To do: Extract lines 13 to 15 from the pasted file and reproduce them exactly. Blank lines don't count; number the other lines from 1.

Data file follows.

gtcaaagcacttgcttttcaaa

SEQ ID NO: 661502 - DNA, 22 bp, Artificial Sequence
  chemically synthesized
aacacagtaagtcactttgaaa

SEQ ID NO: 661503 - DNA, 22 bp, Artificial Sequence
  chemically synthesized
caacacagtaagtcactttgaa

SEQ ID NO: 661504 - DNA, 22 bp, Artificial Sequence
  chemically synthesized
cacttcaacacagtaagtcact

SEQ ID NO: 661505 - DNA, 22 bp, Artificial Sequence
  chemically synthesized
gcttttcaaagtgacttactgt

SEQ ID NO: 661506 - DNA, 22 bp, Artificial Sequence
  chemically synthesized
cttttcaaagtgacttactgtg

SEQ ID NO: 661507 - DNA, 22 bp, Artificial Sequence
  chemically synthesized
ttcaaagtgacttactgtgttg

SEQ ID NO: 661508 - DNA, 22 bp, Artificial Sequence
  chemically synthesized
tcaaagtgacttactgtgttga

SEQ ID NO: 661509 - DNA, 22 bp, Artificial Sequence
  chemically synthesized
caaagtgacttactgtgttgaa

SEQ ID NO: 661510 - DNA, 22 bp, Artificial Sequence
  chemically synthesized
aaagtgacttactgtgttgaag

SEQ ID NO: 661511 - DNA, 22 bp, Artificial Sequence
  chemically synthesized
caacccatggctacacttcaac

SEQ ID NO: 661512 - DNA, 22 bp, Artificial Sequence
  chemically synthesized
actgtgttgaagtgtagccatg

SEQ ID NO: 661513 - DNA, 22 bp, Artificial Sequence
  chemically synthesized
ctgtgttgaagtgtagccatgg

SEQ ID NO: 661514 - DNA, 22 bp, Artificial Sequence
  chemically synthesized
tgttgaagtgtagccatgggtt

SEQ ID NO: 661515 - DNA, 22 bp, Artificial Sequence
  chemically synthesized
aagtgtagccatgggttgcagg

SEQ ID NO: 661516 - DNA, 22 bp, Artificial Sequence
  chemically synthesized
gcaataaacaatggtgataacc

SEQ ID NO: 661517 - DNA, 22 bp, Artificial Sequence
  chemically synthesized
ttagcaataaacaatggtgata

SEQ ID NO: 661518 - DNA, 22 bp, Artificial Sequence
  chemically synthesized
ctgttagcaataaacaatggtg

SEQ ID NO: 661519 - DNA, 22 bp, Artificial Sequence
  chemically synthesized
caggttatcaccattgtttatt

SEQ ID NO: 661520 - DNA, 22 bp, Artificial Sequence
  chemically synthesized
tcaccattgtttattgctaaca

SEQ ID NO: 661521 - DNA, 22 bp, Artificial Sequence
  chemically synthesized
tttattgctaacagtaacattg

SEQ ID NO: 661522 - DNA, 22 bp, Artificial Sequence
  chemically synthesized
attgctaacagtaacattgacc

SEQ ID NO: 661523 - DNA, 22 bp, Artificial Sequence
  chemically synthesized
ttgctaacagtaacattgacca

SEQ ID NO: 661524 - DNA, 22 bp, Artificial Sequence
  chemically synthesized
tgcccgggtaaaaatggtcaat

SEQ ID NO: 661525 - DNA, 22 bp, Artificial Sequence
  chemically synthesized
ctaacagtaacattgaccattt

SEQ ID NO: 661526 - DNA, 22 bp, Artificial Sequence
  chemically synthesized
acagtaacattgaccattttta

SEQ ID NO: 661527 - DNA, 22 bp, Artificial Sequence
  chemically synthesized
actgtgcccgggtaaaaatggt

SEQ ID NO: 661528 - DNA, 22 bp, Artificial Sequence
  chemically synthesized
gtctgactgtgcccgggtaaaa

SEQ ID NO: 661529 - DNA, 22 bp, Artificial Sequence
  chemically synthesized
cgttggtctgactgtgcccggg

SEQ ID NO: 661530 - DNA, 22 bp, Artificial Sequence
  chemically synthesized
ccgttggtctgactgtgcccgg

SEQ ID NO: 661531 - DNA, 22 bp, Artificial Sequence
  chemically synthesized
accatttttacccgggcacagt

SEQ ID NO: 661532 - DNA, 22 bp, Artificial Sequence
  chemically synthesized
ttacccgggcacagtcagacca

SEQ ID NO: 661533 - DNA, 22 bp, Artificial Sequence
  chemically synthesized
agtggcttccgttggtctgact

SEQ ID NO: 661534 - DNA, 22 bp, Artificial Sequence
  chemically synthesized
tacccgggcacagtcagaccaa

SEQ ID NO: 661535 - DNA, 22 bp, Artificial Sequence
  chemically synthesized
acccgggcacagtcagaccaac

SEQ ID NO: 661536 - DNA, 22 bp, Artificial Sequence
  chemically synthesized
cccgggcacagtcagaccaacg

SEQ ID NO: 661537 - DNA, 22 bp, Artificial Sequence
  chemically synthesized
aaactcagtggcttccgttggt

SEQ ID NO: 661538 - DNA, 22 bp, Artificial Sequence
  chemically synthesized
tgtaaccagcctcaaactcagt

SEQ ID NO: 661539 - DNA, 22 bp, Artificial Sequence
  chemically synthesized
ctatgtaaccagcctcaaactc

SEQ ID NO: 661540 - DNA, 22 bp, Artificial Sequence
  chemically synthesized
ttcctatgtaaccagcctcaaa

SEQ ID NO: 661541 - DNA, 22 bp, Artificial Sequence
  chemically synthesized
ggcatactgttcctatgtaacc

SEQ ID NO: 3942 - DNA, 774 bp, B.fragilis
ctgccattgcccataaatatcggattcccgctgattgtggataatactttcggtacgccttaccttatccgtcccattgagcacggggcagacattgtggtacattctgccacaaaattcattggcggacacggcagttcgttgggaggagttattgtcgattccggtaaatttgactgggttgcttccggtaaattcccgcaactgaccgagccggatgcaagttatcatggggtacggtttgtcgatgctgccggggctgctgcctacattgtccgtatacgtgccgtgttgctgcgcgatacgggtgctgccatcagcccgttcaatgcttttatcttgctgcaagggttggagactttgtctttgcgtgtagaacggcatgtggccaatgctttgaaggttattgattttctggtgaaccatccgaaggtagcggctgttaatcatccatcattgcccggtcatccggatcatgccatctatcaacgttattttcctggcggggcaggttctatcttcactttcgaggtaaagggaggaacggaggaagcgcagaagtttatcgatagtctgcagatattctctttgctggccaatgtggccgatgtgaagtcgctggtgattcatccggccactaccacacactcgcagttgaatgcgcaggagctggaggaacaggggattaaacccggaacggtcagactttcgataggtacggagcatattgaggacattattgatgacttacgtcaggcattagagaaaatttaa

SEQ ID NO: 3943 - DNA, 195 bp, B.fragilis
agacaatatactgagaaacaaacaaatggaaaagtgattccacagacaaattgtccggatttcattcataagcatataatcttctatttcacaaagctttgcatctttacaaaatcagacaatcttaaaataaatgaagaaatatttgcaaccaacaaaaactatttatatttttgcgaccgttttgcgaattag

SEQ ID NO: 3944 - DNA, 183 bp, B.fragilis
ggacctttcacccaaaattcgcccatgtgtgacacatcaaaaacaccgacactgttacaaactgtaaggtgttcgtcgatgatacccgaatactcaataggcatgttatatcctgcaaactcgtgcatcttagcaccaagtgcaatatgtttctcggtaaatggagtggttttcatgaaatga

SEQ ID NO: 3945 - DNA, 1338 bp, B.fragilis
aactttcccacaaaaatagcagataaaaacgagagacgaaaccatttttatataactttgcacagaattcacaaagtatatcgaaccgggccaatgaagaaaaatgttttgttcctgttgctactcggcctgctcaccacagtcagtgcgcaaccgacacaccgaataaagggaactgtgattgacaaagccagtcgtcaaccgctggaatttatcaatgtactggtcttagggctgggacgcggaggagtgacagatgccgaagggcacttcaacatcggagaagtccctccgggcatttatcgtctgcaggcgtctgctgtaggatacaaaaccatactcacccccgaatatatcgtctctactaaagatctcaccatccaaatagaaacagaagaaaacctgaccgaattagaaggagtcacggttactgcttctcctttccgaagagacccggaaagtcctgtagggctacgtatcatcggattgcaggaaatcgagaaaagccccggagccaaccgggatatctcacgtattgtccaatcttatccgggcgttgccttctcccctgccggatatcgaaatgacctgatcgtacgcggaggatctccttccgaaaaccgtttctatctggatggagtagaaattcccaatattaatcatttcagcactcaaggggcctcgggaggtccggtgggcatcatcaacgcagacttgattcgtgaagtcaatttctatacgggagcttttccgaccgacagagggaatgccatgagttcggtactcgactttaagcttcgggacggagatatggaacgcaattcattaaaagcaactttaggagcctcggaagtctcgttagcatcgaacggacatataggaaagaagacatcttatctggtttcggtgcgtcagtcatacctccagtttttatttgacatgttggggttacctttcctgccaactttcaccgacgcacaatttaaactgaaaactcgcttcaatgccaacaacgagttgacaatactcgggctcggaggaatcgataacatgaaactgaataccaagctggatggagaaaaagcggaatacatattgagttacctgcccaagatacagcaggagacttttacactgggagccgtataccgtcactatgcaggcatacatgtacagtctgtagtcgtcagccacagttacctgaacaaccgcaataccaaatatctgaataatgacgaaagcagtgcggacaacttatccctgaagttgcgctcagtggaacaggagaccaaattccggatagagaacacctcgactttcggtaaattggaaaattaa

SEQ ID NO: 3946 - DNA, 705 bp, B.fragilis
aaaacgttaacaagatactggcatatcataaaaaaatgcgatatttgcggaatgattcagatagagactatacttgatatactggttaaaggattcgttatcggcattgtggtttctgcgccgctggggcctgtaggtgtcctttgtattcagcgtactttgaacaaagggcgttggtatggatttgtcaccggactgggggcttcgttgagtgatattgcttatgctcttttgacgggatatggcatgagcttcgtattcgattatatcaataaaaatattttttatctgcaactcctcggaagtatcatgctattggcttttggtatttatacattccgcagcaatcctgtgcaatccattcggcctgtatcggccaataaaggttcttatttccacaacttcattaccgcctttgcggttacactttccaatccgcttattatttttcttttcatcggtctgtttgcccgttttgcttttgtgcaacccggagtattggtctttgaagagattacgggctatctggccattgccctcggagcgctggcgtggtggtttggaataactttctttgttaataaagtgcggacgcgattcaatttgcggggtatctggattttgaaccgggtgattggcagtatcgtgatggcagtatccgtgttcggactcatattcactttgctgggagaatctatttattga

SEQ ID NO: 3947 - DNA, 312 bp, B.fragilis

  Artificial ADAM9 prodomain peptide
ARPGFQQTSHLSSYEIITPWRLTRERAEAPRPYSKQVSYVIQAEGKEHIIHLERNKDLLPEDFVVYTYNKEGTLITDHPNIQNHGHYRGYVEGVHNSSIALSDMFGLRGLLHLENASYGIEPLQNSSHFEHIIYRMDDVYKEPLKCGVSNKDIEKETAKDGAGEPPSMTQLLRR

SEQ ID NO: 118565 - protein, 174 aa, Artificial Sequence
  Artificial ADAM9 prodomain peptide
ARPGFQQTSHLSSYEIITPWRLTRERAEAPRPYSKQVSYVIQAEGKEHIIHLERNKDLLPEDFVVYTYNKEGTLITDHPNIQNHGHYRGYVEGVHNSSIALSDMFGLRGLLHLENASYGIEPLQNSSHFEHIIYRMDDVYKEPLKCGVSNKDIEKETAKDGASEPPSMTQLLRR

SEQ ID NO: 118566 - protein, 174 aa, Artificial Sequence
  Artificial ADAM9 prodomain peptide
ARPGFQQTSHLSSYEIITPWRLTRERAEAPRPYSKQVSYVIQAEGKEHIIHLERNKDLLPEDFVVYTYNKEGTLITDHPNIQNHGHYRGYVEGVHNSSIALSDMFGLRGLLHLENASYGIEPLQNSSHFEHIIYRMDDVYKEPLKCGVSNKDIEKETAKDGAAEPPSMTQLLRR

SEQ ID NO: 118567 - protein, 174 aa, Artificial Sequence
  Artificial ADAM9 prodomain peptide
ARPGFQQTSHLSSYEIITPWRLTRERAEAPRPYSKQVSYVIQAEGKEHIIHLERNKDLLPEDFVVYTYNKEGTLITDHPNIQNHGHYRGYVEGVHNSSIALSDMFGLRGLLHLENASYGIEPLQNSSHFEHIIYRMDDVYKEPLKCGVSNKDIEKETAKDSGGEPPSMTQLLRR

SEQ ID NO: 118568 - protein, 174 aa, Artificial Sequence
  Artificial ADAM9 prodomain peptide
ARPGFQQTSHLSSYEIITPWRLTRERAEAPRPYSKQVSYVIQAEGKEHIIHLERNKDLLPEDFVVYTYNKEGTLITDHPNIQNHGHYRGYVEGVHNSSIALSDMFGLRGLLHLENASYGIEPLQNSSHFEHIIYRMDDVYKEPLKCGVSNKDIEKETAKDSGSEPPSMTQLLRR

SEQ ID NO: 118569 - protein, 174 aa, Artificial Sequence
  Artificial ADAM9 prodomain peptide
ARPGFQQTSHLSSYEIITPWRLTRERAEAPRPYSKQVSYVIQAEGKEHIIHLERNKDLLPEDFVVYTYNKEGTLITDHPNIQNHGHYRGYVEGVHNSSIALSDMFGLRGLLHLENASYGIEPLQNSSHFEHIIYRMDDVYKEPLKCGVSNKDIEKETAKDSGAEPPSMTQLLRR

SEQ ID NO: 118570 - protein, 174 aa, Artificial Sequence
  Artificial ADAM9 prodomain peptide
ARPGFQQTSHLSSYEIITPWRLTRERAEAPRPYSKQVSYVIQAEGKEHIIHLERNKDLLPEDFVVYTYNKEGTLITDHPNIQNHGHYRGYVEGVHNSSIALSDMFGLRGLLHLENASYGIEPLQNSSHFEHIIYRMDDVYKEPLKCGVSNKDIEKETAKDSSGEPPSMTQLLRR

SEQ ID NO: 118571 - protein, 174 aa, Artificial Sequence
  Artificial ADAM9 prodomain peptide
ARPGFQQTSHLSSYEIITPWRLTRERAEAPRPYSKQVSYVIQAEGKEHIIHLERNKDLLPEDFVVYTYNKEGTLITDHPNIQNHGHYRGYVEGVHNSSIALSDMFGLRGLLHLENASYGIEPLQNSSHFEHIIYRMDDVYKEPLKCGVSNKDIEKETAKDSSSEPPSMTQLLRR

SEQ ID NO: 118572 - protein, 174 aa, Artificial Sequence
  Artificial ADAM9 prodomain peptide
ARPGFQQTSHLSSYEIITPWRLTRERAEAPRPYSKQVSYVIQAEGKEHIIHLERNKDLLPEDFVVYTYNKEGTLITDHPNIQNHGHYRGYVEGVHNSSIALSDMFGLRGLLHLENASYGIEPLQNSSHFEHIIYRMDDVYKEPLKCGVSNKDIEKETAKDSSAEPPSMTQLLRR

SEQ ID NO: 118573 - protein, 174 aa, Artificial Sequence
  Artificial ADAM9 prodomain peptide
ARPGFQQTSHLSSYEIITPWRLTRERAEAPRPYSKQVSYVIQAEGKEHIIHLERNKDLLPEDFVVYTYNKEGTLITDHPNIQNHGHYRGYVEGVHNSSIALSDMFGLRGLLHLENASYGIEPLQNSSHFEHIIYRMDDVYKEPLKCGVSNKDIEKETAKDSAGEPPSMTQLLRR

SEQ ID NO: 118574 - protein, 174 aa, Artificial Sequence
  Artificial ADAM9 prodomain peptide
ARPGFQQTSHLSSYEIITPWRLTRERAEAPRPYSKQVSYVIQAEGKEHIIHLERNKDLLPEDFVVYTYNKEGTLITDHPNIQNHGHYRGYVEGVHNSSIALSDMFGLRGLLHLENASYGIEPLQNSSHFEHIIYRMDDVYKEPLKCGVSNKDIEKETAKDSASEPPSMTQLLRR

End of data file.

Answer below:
gcttttcaaagtgacttactgt

SEQ ID NO: 661506 - DNA, 22 bp, Artificial Sequence
  chemically synthesized